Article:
In the News

Water supply report predicts trouble in dry years; Commission considers new assessment as water officials lay out habitat protection plan 

By J.M. BROWN
Santa Cruz Sentinel, 4/03/11

SANTA CRUZ — City officials will weigh two major water plans this week even as planning continues on a controversial desalination plant seen by some as the strongest remedy for drought.

Monday, the Water Commission will review a proposed Water Supply Assessment that outlines supply and demand projections for the city's General Plan through 2030. Even with a projected 3,350 more residential units, 3.1 million square feet of business development and 311 new hotel rooms, the report predicts supply in years with normal rainfall will meet demand through 2030 if a downward trend in water use continues.

However, the report warns, if usage rates return to higher levels seen a decade ago, there could be shortages of 5 percent by 2030 even in years with normal rainfall. The report also states that demand will outpace supply in any dry year, and could lead to deficits as high as 40 percent during consecutive dry years if all planned development comes to pass.

The report includes anticipated growth at UC Santa Cruz, which is the city's largest employer and water consumer. The campus is authorized to grow about 3,000 more students by 2020, but the actual growth rate will depend on state funding.

What the city's water supply figures do not take into account, however, is a mandated reduction in water taken from four North Coast streams and the San Lorenzo River as a result of negotiations with a federal fisheries agency to protect steelhead and coho salmon habitat. Water officials will outline their strategy for coping with that anticipated loss — predicted to be nearly 20 percent — when they present tenets of a Habitat Conservation Plan to the City Council on Tuesday.

The two supply reports go hand in hand, and if the overall supply assessment is approved by the Water Commission on Monday, it also will eventually come before the council.

“The Water Supply Assessment does not have to conclude there is sufficient water in place at this time” to approve a General Plan, Toby Goddard, the city's conservation manager, wrote in a memo. Rather, he said, the plan must demonstrate there is a plan for increasing supply.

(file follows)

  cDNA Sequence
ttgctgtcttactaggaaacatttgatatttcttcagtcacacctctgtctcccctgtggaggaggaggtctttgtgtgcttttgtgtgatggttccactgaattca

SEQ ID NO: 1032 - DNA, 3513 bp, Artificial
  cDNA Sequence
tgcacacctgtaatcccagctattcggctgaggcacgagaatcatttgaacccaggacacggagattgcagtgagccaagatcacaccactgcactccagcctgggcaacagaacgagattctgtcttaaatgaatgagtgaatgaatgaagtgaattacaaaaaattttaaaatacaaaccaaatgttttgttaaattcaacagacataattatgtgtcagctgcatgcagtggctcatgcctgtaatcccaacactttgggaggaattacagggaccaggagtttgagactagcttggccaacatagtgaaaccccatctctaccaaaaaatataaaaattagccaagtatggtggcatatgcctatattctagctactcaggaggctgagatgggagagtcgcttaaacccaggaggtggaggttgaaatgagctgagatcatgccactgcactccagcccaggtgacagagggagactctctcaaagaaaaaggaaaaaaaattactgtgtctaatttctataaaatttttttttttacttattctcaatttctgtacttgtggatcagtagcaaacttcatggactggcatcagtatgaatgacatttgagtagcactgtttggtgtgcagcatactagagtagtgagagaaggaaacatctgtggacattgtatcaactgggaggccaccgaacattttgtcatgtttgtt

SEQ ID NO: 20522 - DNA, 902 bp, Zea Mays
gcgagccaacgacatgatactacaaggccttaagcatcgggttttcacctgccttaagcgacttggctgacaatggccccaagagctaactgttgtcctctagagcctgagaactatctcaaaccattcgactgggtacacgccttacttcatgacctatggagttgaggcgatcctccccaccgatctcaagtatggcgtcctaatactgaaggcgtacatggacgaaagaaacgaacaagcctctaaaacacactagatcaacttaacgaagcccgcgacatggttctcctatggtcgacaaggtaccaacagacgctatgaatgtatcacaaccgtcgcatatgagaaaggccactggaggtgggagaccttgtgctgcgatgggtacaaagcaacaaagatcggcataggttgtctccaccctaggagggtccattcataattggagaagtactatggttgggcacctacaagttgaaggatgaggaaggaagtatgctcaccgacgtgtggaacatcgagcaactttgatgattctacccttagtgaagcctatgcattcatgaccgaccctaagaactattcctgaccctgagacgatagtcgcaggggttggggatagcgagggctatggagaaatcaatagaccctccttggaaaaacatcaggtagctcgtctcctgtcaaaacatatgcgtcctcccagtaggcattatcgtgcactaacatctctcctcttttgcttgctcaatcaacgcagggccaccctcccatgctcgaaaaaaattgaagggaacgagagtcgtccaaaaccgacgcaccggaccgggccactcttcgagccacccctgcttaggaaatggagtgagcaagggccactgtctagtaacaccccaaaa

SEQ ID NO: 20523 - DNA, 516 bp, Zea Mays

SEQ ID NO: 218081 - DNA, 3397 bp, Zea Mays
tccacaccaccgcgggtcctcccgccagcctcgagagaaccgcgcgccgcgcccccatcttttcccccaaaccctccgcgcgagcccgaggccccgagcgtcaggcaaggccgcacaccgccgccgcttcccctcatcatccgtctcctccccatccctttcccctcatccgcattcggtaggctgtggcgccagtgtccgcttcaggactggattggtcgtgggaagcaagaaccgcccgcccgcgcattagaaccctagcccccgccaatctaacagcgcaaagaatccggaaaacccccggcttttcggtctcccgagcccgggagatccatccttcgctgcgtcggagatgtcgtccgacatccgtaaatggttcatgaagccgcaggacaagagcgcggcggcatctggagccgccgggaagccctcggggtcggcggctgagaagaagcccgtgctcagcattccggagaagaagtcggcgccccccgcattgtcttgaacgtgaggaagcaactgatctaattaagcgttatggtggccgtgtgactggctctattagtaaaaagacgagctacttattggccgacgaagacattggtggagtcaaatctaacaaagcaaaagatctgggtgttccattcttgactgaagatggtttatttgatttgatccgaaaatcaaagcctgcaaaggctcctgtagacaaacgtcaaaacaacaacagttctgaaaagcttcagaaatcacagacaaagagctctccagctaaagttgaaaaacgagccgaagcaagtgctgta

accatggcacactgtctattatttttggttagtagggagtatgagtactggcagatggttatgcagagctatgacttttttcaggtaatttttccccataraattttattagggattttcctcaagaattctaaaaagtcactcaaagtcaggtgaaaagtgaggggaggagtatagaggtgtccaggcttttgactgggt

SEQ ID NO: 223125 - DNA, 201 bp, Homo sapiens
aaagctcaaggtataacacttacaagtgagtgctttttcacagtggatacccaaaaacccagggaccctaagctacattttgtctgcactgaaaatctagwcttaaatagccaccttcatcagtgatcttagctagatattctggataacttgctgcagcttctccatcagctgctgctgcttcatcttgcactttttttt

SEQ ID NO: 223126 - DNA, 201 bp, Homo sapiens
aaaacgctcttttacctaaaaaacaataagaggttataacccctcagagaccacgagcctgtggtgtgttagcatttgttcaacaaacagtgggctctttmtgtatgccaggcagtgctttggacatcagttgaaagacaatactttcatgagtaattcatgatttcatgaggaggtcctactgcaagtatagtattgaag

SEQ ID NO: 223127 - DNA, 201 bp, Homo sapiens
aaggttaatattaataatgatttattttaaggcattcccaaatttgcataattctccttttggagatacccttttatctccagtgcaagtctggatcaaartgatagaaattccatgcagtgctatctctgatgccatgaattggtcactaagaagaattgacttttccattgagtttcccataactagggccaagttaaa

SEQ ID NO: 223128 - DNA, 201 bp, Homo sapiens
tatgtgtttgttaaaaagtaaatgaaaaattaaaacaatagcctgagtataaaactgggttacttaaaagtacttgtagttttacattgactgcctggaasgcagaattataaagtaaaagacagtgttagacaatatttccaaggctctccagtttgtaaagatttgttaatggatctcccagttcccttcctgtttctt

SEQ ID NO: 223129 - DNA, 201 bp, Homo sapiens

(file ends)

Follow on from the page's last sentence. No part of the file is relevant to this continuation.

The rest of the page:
Enter: Desalination.

Consultants working for the city and neighboring Soquel Creek Water District are studying a proposed desalination plant that could transform 2.5 million gallons of seawater each day. The city, which would share the increased supply with the Soquel Creek Water District during dry periods, could ask voters next year to approve the plant, estimated to cost $100 million or more, after an environmental assessment is completed.

Critics of desalination note the city's water demand has shot 20 percent below previous estimates. They believe even greater conservation could help the city absorb a projected increase in demand of 251 million gallons per year and have urged the city to swap with the groundwater-driven Soquel Creek Water District during periods of high supply for each.

Rick Longinotti, a member of Santa Cruz Desal Alternatives, said water planning should be built around a push for aggressive conservation, such as composting toilets and rainwater catchment systems.

“The problem with both the Water Supply Assessment and the city's plan for habitat restoration is that they assume growth in water demand,” Longinotti said. “That's so old school.”

Desalination opponents also have suggested that creating more water for UCSC is driving the push for desalination, which city officials deny. The university and city have applied for permission to extend 100 million gallons more water annually to a portion of campus outside city limits in order to serve new student housing called for in a 2008 agreement. Conservation groups are challenging the water service extension in court.

IF YOU GO

SPECIAL SANTA CRUZ CITY COUNCIL MEETING 
WHEN: 4 p.m. Tuesday 
WHERE: City Council Chamber, 809 Center St.

AT ISSUE: The Santa Cruz Water Department's recommended habitat conservation strategy to deal with anticipated reductions in diversions from North Coast streams and the San Lorenzo River.

WATER SUPPLY SOURCES

The Santa Cruz Water Department, which serves 90,000 customers between Davenport and Mid-County, retrieves its 4.3 billion gallons in annual water supply from the following sources:

  • San Lorenzo River, 47 percent
  •  North Coast streams and creeks, 25 percent
  •  Loch Lomond Reservoir, 24 percent
  •  Live Oak Well System, 4 percent

Source: Santa Cruz Water Department

WATER SUPPLY ASSESSMENT

To read the full proposed Water Supply Assessment for the city of Santa Cruz, visit http://www.cityofsantacruz.com/Modules/ShowDocument.aspx?documentid=19342.

IF YOU GO

SANTA CRUZ WATER COMMISSION

WHEN: 7 p.m. Monday 
WHERE: City Council Chamber, 809 Center St. 
AT ISSUE: The Santa Cruz Water Department's recommended Water Supply Assessment, which is a critical part of the city's General Plan through 2030.

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